Friday, August 8, 2014

Err Plains

I'm the first to admit the adjustment to New York is more complicated than I thought it would be.

The pace is quicker, the streets are busier and the hours longer. I guess the same could be said of any city outside of the Midwest, except for maybe Chicago. But who cares about Chicago?

The real difference, in my opinion, are the higher highs and lower lows.
Amy Haimerl, a good friend and former New Yorker, warned about the extreme swings that come with living and working in The City.

"I cried every night for the first six months I lived there," she told me over one of our many root-beer-float breaks at Mootown Creamery in Detroit's Eastern Market. "I was miserable."

Not exactly the pep talk I was looking for two weeks out from the move. But then again, Amy has a way of cutting through the bullshit and getting to the core of an issue.
When I had to write a proposal to land my new job, I sent her a draft and asked her to give it an edit. I knew she would be thorough, if not brutal.

It came back a sea of red.

But I needed that. I thrive on tough love, just ask my old man.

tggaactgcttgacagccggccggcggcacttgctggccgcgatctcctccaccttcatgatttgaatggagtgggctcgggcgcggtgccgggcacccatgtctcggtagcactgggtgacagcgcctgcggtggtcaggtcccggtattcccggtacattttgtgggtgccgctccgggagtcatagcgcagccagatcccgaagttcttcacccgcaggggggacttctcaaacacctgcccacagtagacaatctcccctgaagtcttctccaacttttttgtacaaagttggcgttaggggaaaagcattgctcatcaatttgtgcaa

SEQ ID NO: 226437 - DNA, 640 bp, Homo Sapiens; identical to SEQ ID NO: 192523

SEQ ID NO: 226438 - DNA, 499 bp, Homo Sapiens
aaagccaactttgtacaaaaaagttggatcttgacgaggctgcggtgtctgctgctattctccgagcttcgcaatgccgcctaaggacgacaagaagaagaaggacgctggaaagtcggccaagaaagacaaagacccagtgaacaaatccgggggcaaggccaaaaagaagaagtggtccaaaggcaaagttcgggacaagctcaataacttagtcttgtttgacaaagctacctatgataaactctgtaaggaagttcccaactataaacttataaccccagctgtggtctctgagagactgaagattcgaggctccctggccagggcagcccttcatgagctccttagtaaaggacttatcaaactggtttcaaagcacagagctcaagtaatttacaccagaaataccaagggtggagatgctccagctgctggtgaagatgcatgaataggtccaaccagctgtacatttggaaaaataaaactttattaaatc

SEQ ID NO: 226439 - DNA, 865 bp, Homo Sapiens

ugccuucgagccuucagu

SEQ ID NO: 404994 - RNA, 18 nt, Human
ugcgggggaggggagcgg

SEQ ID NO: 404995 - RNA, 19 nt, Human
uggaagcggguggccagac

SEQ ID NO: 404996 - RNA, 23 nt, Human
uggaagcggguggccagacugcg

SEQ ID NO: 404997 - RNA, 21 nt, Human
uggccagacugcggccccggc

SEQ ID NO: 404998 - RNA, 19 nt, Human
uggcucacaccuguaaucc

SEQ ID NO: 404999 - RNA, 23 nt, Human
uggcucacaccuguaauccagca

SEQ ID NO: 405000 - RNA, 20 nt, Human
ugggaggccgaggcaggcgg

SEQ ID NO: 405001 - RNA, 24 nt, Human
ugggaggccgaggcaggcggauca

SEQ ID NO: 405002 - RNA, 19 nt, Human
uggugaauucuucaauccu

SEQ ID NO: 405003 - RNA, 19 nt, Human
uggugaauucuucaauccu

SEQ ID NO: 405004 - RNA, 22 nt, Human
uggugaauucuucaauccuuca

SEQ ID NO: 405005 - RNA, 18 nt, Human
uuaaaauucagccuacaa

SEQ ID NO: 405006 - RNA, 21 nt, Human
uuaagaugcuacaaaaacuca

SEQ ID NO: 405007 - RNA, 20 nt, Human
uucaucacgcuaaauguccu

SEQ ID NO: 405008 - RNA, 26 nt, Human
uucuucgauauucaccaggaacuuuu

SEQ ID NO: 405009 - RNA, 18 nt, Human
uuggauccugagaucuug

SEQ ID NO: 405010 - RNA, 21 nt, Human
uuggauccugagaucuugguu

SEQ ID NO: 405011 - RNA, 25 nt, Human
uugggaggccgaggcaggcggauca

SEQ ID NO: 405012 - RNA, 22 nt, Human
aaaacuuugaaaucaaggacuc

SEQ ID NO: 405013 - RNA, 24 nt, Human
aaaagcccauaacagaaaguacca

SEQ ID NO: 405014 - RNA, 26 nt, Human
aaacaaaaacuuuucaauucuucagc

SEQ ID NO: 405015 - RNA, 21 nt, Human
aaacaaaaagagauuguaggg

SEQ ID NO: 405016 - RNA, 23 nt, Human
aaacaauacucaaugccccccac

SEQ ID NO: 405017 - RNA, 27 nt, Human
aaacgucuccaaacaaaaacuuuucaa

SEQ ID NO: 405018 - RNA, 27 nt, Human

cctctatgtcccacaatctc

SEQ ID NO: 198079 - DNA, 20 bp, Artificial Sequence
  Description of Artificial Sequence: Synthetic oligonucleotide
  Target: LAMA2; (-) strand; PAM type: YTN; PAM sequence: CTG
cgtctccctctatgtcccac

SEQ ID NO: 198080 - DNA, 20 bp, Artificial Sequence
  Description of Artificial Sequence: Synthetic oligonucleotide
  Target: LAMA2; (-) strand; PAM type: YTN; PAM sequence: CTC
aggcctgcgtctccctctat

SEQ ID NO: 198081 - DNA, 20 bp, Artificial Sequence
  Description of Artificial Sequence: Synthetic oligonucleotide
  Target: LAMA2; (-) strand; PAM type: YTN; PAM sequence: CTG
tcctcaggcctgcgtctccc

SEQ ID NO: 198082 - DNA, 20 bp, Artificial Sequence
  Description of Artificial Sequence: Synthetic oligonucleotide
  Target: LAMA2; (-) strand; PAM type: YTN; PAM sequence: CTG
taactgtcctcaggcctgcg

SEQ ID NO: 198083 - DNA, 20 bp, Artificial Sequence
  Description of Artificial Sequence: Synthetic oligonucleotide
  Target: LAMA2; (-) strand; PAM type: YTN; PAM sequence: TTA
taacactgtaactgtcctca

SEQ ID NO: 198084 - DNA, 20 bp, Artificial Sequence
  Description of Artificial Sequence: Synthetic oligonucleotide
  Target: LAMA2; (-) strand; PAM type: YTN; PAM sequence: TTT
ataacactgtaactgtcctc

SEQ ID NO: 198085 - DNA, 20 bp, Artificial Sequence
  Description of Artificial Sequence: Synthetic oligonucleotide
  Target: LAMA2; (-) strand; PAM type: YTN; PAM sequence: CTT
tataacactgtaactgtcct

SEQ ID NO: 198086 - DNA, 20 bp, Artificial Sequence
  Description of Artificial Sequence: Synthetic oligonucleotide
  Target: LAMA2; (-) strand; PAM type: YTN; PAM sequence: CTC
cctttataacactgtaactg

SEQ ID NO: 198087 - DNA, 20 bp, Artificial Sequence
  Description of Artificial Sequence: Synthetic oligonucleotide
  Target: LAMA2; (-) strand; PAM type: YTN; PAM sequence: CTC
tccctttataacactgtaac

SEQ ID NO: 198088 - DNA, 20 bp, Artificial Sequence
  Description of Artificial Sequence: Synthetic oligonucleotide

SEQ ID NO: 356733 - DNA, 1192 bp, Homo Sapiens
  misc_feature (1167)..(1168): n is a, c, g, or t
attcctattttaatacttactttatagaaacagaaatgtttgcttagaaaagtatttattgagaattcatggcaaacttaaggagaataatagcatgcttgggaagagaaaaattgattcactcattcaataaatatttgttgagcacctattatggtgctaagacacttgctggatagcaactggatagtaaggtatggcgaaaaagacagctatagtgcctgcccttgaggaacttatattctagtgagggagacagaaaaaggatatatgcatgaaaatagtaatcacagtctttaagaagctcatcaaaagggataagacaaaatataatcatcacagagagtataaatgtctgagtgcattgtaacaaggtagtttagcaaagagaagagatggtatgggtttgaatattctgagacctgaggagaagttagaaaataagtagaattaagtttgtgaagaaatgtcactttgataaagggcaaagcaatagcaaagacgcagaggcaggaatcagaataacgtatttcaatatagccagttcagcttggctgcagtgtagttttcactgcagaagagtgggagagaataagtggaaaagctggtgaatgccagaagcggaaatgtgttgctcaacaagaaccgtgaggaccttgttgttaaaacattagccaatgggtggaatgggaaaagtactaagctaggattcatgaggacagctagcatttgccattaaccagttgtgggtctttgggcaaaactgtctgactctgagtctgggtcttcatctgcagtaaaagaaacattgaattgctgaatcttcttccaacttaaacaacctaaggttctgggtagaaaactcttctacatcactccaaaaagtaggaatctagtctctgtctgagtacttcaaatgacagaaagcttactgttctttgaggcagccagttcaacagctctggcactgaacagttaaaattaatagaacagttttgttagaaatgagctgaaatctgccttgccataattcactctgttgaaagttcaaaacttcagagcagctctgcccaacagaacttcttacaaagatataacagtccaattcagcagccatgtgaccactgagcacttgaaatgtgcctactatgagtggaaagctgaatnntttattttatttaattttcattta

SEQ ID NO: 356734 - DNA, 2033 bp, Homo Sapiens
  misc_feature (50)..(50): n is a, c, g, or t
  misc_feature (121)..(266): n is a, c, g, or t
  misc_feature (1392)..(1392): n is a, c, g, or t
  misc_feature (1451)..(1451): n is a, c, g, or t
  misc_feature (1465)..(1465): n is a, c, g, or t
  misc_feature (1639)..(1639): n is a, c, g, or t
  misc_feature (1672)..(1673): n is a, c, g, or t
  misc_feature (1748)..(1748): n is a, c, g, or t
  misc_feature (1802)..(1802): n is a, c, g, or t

So when she told me this city left her in tears, I was pretty shocked.

But, for all the stress and pressure and struggle, she also talked about the rewards of taking on such a monumental change.
She talked about the incredible energy of the city and how it will leave an everlasting imprint on my life, both personally and professionally. She talked about how I'll find a groove, adjust and adapt ... and with a little wherewithal, I would persevere.

All I have to do is keep an even keel, make plains out of mountains and valleys.

But if you've ever met me, then you probably know that might not be quite so easy.

I run on hot. I can't help it, runs in my family. It's how I get shit done. It's how I ended up here. It's also why I can't sleep at night.

But those same traits have given me an amazing network of friends from all walks of life.

I've always leaned heavily on friends and family to bring me back to the center; to help make mole hills out of mountains. 

And there's no better support network than mine.

In fact, I haven't even cried myself to sleep.

There's no time for that.

Special thanks to Shawn Wright; a good guy and an even better editor.


  1. good stuff, nate! Regarding the fast pace, I always felt like, after a while, you sort of come up with patterns, habits, that help deal with it...

  2. Thanks Karl! I am figuring this place out. My next entry is gonna be a little more upbeat. Promise. This city is amazing.